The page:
Welcome to Honorary Professor Ezat Khoshdel
We are pleased to announce Ezat Khoshdel has been appointed as an Honorary Professor in the department. Ezat has been a long-standing collaborator with the department with multiple projects over 25 years. Ezat has recently retired from Unilever where he was the inventor of over 150 patents, the largest number of any Unilever employee. Ezat will be more than happy to discuss ideas and work across the department and add to our impact activities. Ezat can be contacted on E.Khoshdel@warwick.ac.uk and will next be in the department on October 11th when he gives a lecture to our new Polymer MSc cohort.
Student satisfaction at Warwick
Survey results out recently reflect very positively on the School of Life Sciences. These surveys reveal student perception of study here in Life Sciences and also what graduates go on to achieve. We are pleased to see the satisfaction our students show with their education at Warwick. We greatly value their feedback and respect their judgement.
Our 2018 NSS (National Student Survey) results are excellent with a score of 93% for overall student satisfaction. This is a survey of all undergraduate finalists at UK universities and colleges to understand and improve students’ experience of higher education. Staff and students are working very closely on developing new ways to extend and enhance their learning and the NSS is a key element of our collaborative approach to overall enhancement at Warwick. PTES (Postgraduate Taught Experience Survey) results are also excellent with a score of 89% for overall student satisfaction, which is above the Russell Group and Sector average.
DLHE (Destinations of Leavers from Higher Education) surveys graduates 6 months after graduation to find out whether they are in work or further study. The recent 2017 results are excellent for Life Sciences with 96% of UG graduates in work or further study (up from 94% in 2015) and 88% in graduate level work or study (up from 79% in 2015). The Government’s 2018 Longitudinal Education Outcomes (LEO) show that Warwick's Life Sciences graduates are ranked in the top 10 in the UK for high earnings five years after their graduation.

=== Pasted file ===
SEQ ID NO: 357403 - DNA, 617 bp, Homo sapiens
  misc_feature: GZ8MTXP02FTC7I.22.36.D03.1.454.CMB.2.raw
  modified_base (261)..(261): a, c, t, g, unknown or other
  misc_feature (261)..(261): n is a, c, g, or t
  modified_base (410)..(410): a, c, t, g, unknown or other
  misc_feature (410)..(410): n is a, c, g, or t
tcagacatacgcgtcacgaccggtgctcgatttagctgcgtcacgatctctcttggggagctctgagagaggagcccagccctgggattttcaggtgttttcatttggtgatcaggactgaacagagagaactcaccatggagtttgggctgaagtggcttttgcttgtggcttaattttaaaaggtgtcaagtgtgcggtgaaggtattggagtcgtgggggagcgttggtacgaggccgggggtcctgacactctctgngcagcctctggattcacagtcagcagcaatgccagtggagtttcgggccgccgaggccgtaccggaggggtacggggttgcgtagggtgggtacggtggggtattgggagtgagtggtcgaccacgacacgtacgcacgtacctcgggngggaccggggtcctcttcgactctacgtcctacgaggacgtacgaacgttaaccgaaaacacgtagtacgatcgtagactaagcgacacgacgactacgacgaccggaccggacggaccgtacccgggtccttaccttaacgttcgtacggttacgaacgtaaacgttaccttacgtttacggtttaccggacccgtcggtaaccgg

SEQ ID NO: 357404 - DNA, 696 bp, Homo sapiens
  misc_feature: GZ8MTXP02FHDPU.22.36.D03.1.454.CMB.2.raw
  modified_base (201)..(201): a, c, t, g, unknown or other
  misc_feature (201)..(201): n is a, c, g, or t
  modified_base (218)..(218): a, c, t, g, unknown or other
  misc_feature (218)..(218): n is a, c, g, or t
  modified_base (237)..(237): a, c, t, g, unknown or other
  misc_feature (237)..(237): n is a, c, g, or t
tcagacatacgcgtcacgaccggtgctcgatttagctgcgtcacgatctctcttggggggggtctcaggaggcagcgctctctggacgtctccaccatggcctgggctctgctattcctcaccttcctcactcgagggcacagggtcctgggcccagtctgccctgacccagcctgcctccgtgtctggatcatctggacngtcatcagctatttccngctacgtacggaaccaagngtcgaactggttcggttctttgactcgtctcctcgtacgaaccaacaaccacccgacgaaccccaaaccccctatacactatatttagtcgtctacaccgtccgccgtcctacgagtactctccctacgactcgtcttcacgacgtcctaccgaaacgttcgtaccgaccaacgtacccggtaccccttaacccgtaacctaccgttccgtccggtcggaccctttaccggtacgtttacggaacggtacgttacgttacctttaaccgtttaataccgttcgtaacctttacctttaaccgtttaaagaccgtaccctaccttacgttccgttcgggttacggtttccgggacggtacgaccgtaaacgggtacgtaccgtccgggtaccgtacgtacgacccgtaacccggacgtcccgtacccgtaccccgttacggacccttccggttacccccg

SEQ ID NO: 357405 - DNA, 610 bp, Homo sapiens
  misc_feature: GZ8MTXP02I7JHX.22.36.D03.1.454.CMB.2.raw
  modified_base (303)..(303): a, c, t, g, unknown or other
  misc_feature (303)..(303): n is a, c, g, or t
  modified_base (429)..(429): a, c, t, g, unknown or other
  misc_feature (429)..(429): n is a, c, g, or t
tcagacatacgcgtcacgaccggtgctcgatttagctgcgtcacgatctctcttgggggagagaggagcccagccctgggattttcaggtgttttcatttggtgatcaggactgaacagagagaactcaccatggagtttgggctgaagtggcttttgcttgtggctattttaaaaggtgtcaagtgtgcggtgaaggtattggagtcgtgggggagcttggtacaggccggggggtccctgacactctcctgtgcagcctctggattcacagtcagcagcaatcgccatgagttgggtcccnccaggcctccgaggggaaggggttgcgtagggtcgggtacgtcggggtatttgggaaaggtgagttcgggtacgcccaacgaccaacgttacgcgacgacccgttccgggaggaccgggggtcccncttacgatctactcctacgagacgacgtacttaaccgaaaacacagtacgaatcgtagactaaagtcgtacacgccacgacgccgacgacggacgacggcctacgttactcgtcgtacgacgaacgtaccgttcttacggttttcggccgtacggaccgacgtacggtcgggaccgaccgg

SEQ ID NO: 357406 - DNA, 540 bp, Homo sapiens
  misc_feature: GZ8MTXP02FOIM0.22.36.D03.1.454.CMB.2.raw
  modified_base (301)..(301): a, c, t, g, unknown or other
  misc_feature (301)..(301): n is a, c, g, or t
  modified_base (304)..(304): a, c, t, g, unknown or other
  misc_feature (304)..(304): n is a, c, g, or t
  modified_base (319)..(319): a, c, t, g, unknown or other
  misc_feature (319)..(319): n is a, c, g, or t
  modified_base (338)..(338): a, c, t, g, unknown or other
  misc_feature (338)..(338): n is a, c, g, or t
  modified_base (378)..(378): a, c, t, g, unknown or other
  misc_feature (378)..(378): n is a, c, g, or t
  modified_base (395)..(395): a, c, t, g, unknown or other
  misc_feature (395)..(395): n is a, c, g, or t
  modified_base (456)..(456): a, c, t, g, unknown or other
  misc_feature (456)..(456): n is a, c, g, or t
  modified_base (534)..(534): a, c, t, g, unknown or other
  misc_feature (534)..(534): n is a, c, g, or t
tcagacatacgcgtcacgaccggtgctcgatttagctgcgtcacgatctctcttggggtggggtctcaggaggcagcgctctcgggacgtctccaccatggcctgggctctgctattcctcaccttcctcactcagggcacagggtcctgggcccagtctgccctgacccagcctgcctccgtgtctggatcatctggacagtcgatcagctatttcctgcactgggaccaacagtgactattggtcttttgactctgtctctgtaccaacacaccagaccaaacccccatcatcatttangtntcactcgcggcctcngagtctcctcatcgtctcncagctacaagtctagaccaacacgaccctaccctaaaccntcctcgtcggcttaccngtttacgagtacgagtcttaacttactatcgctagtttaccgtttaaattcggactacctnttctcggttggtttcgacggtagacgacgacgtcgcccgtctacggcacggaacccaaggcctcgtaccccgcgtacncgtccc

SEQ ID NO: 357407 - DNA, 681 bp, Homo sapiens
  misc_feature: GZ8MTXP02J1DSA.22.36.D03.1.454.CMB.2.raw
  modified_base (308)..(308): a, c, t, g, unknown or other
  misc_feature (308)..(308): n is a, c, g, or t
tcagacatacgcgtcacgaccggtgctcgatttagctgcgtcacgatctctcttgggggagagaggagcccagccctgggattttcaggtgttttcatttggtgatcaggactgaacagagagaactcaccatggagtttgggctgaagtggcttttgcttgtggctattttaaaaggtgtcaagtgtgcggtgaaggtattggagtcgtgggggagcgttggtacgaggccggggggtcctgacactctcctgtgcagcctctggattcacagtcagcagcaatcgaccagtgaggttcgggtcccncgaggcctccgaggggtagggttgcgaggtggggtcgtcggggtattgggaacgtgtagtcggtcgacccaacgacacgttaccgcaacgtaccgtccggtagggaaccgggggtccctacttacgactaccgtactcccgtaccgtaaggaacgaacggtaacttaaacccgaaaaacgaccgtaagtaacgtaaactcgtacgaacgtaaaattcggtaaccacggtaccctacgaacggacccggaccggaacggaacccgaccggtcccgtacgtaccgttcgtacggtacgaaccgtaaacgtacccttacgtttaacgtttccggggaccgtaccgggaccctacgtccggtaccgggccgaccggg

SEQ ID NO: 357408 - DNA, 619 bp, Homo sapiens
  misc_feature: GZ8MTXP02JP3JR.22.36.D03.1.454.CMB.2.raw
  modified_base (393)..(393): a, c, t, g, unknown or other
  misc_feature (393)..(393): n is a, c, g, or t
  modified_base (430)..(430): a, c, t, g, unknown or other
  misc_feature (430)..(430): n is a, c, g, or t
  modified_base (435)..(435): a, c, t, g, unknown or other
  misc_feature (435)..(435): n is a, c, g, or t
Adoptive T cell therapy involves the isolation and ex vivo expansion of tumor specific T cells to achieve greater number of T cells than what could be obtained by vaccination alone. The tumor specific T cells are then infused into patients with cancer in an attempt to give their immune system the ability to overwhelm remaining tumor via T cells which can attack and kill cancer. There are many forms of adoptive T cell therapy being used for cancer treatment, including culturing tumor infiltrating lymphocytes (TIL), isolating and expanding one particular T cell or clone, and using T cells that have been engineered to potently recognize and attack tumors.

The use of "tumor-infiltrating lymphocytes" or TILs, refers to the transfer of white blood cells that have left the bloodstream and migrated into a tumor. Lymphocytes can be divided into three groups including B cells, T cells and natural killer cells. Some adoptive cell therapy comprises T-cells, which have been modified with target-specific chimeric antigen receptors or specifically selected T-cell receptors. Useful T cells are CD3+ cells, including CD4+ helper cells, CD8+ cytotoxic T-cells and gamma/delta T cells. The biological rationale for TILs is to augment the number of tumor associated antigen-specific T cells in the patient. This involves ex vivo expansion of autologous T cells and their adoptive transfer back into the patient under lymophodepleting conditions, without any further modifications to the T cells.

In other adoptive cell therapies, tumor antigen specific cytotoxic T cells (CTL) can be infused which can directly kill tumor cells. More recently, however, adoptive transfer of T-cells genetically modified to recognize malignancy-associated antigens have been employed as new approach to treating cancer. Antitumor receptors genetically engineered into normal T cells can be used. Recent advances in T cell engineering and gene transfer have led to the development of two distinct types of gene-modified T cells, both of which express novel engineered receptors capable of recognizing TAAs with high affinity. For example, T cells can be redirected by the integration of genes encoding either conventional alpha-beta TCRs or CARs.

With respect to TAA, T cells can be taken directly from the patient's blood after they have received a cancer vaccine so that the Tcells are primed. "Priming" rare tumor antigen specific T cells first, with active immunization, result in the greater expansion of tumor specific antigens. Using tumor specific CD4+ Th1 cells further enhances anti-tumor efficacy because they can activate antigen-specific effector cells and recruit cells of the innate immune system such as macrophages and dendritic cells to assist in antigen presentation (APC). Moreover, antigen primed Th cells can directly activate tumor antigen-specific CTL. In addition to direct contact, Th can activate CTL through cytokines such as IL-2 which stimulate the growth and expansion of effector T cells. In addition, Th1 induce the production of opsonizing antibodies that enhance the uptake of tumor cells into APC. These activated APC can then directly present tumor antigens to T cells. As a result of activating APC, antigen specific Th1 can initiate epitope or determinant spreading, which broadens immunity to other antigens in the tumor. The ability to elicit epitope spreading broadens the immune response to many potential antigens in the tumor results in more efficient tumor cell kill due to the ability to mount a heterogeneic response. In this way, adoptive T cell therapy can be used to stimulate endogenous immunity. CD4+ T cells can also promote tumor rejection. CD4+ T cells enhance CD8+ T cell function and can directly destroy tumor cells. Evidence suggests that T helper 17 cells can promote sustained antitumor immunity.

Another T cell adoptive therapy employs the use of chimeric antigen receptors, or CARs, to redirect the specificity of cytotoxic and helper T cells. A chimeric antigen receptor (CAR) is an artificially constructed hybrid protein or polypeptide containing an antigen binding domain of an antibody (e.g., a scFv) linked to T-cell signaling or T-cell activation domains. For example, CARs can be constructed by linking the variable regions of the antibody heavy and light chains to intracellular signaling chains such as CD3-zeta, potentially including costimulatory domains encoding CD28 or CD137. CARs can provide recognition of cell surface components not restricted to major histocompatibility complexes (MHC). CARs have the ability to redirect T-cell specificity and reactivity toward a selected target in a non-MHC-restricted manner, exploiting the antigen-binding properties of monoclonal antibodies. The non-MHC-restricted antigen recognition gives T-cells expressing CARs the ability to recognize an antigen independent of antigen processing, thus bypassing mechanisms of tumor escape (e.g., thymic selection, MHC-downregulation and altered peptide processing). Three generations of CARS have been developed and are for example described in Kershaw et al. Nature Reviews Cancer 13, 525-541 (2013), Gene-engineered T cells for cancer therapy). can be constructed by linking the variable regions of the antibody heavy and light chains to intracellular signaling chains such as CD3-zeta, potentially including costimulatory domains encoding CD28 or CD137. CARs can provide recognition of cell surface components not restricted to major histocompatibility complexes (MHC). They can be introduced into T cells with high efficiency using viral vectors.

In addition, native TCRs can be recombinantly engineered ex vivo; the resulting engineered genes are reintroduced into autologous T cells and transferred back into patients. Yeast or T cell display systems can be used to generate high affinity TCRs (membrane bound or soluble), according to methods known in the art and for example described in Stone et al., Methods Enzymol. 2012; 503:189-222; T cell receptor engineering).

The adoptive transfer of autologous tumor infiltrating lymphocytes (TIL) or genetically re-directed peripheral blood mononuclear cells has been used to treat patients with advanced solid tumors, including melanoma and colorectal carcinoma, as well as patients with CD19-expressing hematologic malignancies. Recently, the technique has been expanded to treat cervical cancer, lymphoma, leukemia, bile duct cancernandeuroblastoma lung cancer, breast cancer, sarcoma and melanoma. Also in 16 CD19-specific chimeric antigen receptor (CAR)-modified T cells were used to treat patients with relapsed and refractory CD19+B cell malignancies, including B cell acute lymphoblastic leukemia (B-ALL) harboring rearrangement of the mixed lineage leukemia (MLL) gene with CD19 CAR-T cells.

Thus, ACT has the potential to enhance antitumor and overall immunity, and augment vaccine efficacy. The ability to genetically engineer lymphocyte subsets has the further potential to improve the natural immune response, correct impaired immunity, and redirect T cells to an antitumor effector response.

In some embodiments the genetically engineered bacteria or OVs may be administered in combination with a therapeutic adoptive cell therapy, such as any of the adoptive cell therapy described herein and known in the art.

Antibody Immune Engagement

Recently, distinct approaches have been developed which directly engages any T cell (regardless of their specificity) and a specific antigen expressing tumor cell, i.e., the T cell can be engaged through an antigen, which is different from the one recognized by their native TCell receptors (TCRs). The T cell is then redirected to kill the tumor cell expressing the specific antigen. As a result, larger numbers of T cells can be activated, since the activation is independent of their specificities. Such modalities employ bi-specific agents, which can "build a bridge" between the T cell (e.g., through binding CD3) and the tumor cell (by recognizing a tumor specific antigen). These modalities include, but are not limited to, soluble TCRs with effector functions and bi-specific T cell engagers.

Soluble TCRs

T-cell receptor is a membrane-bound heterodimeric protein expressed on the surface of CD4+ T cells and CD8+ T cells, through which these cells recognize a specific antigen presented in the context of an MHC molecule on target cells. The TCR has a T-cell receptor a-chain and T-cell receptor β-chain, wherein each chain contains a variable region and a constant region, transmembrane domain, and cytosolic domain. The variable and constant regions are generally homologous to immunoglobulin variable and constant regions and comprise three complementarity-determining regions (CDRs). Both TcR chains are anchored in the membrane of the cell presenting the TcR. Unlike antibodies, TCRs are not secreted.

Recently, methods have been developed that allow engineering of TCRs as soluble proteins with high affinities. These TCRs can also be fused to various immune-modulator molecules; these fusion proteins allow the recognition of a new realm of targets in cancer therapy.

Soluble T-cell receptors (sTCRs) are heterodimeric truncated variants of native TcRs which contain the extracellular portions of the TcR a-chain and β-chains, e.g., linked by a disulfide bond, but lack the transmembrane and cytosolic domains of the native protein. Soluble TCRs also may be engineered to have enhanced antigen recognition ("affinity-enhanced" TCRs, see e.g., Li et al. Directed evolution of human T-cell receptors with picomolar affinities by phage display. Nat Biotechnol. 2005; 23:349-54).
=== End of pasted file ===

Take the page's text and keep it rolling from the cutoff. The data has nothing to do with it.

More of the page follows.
It is great to see the work that goes into planning and delivering these degrees by so many people in the School, has such a positive impact on students.
We are delighted to announce that we have achieved an overall satisfaction rating of 96% for the Philosophy course at Warwick.
We have also seen significant increases in other key categories, including
- teaching on my course – 100% of our finalists agreed that the course is intellectually stimulating (up 9 percentage points)
- assessment and feedback – 88% agreed that they have received helpful feedback on their work (up 14 percentage points)
- academic support – 96% agreed that they have been able to contact staff when they needed to (up 9 percentage points)
- student voice – 79% agreed that they have had the right opportunities to provide feedback on their course (up 9 percentage points)
We very much look forward to continuing working with our current undergraduate students and to welcoming our new students in 2018/19 into the Philosophy community at Warwick.
Tina Lupton's new book, Reading and the Making of Time in the Eighteenth Century (Johns Hopkins UP, 2018), reviewed on the prestigious Public Books site.
Many congratulations to the winners of the Philosophy and Literature Essay Prize 2017. They are: